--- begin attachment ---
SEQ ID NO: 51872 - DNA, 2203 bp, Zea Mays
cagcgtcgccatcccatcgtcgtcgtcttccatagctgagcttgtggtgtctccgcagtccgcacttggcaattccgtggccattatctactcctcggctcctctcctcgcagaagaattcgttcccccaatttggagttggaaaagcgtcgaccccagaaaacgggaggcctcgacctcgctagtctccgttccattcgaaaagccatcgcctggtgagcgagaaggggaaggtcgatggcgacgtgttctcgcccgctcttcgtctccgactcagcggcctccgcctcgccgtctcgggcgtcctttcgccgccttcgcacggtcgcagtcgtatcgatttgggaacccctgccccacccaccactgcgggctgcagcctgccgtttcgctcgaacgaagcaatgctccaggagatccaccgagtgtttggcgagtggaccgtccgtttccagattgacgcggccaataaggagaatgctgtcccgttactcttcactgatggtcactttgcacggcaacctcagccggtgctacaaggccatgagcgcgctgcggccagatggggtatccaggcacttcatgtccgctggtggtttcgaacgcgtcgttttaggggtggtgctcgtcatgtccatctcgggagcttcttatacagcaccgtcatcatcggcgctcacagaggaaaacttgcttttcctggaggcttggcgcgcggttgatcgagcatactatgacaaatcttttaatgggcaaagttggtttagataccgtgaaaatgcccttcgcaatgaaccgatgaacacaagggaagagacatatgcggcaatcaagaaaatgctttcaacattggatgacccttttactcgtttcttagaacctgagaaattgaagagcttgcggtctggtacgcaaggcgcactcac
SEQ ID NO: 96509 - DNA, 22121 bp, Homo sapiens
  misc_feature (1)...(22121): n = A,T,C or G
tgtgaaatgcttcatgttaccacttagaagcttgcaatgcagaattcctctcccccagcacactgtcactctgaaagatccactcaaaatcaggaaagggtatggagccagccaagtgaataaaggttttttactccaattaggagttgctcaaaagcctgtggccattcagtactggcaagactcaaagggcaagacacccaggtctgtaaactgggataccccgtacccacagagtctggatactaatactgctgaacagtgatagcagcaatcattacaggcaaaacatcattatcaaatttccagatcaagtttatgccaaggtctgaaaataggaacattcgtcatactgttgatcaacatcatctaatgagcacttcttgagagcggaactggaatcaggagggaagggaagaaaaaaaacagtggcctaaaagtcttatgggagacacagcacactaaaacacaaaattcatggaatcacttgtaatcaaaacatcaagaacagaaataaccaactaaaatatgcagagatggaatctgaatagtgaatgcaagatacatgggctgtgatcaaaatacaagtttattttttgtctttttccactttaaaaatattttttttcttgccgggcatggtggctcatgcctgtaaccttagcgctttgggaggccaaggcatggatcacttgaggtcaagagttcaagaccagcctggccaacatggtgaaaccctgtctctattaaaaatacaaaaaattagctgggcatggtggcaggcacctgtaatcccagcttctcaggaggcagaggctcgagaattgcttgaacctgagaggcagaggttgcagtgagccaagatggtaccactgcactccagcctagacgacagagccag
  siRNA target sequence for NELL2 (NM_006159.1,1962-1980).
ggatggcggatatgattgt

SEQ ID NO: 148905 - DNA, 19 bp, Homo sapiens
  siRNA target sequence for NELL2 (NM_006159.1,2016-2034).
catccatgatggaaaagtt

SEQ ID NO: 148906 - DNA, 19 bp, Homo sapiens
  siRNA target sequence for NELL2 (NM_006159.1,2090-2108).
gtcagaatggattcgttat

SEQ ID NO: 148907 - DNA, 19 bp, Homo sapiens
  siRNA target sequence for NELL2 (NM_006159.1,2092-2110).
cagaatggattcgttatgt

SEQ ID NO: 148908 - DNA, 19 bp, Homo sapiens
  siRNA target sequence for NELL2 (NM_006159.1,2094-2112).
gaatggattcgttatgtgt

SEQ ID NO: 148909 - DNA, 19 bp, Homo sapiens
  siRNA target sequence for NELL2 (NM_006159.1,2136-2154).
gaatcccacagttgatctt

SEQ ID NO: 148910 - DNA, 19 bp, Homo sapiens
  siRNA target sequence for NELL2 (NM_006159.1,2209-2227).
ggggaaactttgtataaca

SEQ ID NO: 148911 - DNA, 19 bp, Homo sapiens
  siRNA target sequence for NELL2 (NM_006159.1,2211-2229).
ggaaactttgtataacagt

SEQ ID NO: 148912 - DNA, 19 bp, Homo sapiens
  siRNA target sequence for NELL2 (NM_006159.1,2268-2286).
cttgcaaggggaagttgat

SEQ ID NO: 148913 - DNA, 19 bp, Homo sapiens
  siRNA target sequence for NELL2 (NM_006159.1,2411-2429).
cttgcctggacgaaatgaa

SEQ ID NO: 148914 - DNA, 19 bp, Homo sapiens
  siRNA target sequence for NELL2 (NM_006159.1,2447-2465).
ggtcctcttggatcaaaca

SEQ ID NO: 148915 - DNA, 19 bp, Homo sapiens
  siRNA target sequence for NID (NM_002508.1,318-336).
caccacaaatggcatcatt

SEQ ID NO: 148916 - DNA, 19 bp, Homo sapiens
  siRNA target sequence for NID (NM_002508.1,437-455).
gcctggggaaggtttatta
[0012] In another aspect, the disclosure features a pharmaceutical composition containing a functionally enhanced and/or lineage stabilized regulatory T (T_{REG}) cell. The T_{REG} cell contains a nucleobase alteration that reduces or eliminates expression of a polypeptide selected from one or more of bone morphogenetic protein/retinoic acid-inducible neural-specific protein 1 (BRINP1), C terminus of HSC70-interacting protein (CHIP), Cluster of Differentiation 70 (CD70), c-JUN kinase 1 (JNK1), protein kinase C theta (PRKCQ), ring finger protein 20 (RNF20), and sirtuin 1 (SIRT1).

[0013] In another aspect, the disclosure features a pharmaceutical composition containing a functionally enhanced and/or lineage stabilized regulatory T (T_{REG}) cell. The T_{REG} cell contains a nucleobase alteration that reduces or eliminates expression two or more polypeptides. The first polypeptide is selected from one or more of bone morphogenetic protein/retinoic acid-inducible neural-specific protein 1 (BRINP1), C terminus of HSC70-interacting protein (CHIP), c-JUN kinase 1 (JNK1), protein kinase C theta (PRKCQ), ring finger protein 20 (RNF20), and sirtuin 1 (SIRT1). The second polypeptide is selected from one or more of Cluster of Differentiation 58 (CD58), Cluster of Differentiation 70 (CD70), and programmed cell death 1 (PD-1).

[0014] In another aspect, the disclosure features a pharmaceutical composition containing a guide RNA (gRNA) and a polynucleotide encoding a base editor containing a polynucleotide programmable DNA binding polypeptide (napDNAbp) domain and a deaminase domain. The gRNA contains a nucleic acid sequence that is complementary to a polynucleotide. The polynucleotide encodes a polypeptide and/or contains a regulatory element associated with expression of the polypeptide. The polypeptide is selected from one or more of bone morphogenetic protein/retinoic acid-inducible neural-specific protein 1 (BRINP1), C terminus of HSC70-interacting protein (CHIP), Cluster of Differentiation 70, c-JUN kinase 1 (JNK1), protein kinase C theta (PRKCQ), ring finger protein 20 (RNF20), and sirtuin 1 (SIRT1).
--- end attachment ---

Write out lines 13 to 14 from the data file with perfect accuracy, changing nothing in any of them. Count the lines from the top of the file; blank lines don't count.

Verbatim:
gtcagaatggattcgttat

SEQ ID NO: 148907 - DNA, 19 bp, Homo sapiens